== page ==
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“We are idea rich, selection baffled and adoption poor.”

You might have heard me say that design and academic research overstates the importance of ideas for innovation, that ideas are in fact cheap and easy to produce, and that the real challenges lie in the execution.

Perhaps I have even told you about the workshops I tend to run on ideation techniques in introductory-level undergraduate design theory classes — last year, for example, I guided the group of (non-designer) students to producing over 450 generally passable ideas on urban service design in two hours.

This post was prompted by a column in the latest issue of Communications of the ACM, where computer science professor Peter Denning makes a similar observation:

“We are idea rich, selection baffled and adoption poor.”

Denning moves on to argue for attention to the practices of communities and how innovation could more fruitfully be seen as change of practice. The full column is online at

For me, the main point is this: Innovation does not follow automatically from invention. But neither is it a pure question of entrepreneurship. Researchers and designers need to combine their invention strengths with the execution strengths of entrepreneurs and business actors in long-term, strategical relationships. Co-production seems to me like a relatively reliable approach to balanced innovation.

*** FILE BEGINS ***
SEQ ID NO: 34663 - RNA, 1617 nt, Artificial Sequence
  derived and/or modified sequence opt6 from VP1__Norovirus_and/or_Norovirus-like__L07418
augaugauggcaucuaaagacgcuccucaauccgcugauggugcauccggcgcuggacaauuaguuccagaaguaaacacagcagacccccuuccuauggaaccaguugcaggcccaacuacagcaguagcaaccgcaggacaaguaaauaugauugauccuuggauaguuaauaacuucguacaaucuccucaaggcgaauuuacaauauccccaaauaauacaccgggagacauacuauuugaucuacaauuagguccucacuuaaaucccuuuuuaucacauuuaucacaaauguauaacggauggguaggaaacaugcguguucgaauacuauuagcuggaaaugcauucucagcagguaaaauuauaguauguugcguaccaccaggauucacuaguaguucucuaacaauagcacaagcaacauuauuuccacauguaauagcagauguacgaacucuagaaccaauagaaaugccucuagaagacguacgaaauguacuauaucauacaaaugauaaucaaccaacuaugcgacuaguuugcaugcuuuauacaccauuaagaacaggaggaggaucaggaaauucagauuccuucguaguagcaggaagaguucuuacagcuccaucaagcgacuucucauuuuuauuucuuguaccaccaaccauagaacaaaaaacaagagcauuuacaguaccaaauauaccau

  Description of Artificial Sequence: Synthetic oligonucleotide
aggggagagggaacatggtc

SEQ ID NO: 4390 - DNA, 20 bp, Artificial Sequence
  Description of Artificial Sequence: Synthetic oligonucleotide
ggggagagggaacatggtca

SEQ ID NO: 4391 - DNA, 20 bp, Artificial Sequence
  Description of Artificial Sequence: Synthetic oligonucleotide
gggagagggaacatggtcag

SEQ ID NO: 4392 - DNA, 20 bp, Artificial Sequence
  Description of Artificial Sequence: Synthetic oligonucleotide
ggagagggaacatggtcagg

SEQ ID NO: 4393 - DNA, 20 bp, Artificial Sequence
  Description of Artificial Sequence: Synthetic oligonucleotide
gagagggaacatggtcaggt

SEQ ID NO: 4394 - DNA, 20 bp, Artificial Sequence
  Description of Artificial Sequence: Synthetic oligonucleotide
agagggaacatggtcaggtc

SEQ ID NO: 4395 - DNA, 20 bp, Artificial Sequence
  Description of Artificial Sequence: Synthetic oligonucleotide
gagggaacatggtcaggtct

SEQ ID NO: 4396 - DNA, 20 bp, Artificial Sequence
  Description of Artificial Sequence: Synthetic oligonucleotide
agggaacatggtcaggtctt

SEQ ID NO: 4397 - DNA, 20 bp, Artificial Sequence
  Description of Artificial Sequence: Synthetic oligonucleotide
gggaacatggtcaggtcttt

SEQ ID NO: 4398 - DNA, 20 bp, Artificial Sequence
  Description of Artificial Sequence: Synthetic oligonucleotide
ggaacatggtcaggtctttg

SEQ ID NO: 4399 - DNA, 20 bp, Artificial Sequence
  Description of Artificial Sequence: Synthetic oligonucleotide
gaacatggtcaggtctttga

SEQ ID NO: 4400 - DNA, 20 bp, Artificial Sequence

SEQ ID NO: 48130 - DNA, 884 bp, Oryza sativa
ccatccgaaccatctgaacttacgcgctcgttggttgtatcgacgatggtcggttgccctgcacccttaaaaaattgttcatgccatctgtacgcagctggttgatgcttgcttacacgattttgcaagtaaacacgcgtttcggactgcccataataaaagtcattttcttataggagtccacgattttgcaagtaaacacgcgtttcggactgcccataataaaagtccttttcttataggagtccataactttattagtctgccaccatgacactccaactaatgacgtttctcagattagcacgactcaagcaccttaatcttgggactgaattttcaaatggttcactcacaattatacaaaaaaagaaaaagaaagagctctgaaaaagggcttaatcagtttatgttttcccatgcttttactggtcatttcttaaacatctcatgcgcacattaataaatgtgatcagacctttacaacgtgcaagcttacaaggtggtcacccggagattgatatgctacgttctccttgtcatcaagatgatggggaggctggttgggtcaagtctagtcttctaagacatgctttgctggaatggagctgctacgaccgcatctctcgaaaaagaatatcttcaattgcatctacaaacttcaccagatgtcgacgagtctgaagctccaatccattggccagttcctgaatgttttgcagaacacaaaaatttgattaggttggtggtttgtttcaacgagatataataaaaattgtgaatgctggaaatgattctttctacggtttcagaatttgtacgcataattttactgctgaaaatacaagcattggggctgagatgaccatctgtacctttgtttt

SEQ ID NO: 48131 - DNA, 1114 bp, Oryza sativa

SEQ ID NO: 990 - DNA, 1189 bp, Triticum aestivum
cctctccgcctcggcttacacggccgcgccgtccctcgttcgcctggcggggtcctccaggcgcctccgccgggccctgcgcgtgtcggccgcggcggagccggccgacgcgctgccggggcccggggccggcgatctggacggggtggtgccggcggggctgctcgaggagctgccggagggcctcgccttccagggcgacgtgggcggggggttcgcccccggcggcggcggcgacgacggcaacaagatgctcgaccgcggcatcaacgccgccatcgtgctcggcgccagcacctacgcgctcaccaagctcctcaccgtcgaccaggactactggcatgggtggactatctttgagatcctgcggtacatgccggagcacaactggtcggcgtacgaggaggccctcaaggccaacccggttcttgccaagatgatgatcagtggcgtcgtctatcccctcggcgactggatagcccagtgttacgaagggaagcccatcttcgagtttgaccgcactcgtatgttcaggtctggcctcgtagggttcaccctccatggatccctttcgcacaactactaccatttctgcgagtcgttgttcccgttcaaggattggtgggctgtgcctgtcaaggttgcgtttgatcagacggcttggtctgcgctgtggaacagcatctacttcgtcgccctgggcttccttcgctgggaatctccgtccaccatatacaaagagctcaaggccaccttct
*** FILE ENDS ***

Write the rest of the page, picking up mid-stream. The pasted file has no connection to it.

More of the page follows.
Related articles
Documentary exploring the role of design in business (and vice versa)
On design research and co-production

Image credit: Flickr user anna_t CC:BY-NC-SA

2 thoughts on ““We are idea rich, selection baffled and adoption poor.””

  1. Like. Also I think we tend to rule out the inventors themselves in favor of ideation processes with people that not are in the situation to produce relevant ideas. So whay do it?

  2. Jonas M: Agree completely. My personal view is that there is a general tendency to favor methods over personal abilities (ideation processes rather than inventors, as you put it). I am, in turn, strongly influenced by Donald Schön’s account of how formalized, rational knowledge takes precedence over practical, non-articulated knowing.

    Methods and formalized knowledge are seductive since they offer the promise of repeatable results, recipes for action, and a means for coordination. Cf. the recent Design Thinking fad. However, my personal opinion is that in any creative process, practical knowing determines the quality of the result more than the method used.

    This is not to say that methods are useless, only that they are not sufficient in themselves.

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